Regards

David
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Postby Paul » Thu Apr 13, 2006 2:36 am

Hi David,

For now let me say that I probably agree with you that it's a sentence. Nor do I put myself in ethopoeia's camp: I think that sentences exist.

I will try to say more about this tomorrow. In the meantime, it would be nice, given his provocative entry, if ethopoeia put forth his opinions about what sentences are, and why they don't exist.

Cordially,

Paul
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Postby bellum paxque » Thu Apr 13, 2006 6:46 pm

Yes, let's hear ethopoeia's point of view.

-David
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Postby ethopoeia » Tue Apr 18, 2006 3:34 pm

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Postby bellum paxque » Tue Apr 18, 2006 7:34 pm

I enjoyed reading your discussion of grammar, especially since I've never (or, at least, very rarely) done this sort of grammatical thinking in Latin before, only English. Though I do not have time to express my opinion at the moment, I will explain the points where I disagree with you at a later time.

Until now, thanks for the stimulating topic.

Best,

David
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Postby ethopoeia » Wed Apr 19, 2006 12:36 pm

Yes, I am confident that you, and many other academicians, disagree. Or, at least, I hope so!

My main point is that Grammar categories are not univocal. There can be superpositions, deviations and, perhaps, new grammatical categories. But why? And how? I should be the happiest man if we were able to find just one new grammatical category!

As for the existence of sentences, I still believe that "sentences" do not exist. Being such a dummy, I'll need some advice about when and where should I write down a fullstop. :wink:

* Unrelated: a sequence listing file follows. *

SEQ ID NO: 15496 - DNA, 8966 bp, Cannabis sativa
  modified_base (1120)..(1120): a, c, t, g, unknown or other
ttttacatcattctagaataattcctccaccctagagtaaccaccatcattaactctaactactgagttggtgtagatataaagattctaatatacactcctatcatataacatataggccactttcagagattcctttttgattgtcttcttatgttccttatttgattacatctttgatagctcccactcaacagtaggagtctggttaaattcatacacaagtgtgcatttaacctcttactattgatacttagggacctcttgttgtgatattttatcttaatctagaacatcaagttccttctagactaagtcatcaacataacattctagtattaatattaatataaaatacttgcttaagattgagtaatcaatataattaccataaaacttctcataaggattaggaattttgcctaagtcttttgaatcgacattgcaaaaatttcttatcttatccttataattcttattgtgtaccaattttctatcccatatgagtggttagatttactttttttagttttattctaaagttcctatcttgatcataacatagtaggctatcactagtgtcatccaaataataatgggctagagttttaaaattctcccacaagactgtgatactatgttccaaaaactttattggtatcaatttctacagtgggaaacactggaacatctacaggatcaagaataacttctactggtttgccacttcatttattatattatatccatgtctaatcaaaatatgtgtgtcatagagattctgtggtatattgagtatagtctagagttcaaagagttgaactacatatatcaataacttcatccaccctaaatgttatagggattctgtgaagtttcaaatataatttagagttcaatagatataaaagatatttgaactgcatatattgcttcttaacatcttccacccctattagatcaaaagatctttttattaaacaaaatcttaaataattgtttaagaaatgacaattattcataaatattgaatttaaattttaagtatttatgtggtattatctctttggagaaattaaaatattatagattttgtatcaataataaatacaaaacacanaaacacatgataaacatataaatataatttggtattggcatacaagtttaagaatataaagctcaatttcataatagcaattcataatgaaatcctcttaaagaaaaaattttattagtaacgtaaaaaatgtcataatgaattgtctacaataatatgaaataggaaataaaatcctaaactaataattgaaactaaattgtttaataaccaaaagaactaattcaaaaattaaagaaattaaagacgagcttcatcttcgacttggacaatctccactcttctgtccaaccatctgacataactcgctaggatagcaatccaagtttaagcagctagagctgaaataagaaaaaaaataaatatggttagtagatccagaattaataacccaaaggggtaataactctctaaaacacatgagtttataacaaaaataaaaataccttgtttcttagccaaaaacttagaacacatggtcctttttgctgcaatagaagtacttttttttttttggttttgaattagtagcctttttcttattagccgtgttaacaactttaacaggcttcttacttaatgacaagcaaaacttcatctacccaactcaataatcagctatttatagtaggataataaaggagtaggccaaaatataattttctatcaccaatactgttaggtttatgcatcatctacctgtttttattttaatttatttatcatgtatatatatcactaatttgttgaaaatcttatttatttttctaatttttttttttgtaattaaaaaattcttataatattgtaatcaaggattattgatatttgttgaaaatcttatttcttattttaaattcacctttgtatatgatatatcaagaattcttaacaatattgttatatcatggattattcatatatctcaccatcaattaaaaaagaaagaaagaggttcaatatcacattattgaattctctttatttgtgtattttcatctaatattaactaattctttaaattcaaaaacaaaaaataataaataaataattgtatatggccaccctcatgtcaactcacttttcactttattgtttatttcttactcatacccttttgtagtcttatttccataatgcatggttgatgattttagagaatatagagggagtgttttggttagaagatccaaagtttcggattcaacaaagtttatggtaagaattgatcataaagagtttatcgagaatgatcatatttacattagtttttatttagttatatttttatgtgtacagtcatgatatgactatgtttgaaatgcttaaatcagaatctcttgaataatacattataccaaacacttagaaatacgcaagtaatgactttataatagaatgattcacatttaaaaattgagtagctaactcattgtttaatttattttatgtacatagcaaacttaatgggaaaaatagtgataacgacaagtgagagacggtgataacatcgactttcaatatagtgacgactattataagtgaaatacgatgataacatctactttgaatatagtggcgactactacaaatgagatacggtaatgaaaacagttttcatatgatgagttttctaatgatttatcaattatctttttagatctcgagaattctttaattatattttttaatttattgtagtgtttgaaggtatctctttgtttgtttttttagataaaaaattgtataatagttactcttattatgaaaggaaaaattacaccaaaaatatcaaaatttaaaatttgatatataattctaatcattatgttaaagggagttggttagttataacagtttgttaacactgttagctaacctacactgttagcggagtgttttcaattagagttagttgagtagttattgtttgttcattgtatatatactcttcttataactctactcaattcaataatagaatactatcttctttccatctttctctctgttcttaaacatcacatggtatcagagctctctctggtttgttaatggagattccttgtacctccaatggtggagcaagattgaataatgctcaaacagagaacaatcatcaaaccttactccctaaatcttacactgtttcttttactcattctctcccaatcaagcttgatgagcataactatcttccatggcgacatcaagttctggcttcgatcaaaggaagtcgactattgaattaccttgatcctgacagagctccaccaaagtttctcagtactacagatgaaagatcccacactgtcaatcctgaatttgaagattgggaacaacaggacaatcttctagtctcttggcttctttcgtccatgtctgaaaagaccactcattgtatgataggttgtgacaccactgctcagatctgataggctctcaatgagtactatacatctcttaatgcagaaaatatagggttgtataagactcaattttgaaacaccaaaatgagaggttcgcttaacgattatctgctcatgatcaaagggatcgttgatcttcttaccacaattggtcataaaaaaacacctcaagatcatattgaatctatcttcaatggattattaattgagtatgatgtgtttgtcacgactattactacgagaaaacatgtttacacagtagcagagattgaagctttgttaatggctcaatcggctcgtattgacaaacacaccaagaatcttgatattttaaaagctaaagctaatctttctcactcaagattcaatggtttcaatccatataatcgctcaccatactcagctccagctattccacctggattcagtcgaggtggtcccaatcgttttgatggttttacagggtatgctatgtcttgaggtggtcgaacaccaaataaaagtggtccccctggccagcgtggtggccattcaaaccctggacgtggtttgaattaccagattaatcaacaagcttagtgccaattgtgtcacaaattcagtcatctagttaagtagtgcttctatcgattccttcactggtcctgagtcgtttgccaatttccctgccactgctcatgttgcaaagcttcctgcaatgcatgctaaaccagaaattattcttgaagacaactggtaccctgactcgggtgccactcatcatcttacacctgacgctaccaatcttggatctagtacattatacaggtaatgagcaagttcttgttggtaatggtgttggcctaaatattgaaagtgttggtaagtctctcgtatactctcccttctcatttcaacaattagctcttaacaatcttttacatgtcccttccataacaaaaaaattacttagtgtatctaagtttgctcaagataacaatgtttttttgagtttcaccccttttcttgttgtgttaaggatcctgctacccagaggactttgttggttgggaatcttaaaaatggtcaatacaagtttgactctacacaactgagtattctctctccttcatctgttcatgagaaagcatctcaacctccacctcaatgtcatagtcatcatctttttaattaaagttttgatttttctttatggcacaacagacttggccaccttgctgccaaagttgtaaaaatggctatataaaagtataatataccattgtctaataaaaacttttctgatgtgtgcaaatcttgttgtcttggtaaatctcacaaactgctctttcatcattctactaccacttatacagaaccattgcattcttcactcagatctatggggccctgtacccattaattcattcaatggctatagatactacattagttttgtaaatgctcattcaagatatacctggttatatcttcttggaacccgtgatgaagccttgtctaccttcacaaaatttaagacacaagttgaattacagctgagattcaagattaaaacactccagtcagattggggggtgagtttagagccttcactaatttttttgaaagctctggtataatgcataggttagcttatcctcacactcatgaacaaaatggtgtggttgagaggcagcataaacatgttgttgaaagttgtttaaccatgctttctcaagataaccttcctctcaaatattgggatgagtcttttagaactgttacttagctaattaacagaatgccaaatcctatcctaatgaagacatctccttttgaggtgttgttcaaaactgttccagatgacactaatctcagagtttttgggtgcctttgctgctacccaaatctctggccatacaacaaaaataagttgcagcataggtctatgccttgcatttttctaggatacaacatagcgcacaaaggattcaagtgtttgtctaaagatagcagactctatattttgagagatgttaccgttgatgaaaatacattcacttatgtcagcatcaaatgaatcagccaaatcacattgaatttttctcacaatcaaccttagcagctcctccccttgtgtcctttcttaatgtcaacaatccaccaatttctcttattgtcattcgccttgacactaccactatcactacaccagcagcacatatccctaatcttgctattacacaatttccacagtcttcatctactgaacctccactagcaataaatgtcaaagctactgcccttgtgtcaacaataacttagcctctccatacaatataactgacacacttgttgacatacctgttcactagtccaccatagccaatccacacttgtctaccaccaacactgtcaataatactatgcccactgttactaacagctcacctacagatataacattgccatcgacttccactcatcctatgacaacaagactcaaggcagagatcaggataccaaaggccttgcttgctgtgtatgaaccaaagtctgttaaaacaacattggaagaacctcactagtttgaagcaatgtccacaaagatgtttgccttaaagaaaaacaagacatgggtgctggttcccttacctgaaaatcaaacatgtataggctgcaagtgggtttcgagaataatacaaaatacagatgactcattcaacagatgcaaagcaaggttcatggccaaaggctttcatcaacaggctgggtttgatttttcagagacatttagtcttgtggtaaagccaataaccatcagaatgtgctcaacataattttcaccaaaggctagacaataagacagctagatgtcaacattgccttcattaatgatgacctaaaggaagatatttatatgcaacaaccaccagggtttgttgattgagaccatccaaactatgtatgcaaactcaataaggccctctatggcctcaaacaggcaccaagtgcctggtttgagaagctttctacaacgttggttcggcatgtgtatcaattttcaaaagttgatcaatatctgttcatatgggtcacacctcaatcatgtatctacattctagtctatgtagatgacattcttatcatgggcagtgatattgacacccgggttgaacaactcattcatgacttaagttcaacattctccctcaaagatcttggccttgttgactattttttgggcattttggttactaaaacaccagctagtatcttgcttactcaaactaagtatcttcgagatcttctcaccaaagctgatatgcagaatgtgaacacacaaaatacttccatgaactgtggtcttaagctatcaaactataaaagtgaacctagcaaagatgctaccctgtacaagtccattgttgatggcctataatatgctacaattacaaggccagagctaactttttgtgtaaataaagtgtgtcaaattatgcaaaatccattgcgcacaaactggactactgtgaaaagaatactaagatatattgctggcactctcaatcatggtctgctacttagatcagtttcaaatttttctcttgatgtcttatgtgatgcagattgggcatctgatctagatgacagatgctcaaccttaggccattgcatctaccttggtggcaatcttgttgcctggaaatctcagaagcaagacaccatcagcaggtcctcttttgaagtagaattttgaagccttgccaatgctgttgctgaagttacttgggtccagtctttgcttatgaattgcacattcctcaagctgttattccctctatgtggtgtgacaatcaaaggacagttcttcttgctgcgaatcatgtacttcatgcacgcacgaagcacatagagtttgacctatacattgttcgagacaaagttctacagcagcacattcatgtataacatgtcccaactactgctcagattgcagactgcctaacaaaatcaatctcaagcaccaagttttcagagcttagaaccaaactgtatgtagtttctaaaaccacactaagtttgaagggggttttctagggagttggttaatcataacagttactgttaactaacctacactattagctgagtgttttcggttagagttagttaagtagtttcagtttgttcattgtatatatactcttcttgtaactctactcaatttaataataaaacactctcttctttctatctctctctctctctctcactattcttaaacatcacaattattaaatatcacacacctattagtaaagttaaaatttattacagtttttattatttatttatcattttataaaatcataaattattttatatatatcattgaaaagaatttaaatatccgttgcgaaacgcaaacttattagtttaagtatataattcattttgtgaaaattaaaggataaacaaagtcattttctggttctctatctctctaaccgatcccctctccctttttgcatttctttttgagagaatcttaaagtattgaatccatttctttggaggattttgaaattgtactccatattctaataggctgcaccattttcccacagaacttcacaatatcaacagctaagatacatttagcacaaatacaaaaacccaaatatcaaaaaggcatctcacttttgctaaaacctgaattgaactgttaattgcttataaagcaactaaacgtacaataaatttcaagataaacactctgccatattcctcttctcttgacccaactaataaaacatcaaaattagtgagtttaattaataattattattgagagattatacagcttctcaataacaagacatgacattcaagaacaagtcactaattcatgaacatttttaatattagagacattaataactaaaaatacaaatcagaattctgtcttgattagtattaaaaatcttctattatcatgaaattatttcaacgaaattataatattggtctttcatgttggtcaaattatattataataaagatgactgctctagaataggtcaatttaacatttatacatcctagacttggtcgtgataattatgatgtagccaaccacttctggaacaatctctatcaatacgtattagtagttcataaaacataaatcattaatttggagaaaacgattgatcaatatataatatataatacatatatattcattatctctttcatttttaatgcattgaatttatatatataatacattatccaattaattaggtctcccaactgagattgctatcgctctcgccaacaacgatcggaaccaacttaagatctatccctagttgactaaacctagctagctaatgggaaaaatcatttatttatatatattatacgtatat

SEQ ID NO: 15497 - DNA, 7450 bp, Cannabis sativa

God, if we don't get rid of Grammar soon, how will we be able to get started with the next subject of the Trivium, Rhetoric? Ars longa, uita breuis... (no verb -no sentence!). :P
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Postby bellum paxque » Wed Apr 19, 2006 3:17 pm

Ars longa [est, sed] vita brevis [est] ;)

-David

(More tonight, I hope.)
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Postby Bardo de Saldo » Sat Apr 22, 2006 3:40 am

Ueni, uedi, uici.

That's 3 sentences (according to one definition of sentence) juxtaposed in 1 sentence (according to another definition of sentence). What makes it one sentence? The intention of the speaker as insinuated by his intonation and the length of his pauses, and represented with punctuation.

Grammar books are full of different classifications of sentences, and it seems to me, ethopoeia, like you're just playing with words. Do you want to give a different name to each different kind of sentence? Why don't you start with more pressing matters and give a different name to spicy hot as opposed to temperature hot? I'll second that.
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Postby bellum paxque » Sat Apr 22, 2006 5:46 am

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Postby IreneY » Sat Apr 22, 2006 3:19 pm

I am not sure I can fully participate in this conversation since Latin is involved and my Latin is not good enough to comment on all the examples you used.

Hoewever here's my two cents:
1. Do sentences exist? Well, yes, as much that is as any abstract creation of man can be said to exist. I prefer the definition about "grammatical" sentences since if we get into what consitutes a "complete" idea we may end up arguing if it takes one sentence or a whole book or even several of them to express an idea completely (if, that is, it is even possible :) )

2. Why is it then that there are cases (I am actually thinking of some examples from Greek) when it's difficult to determine what kind of a sentence we are talking about?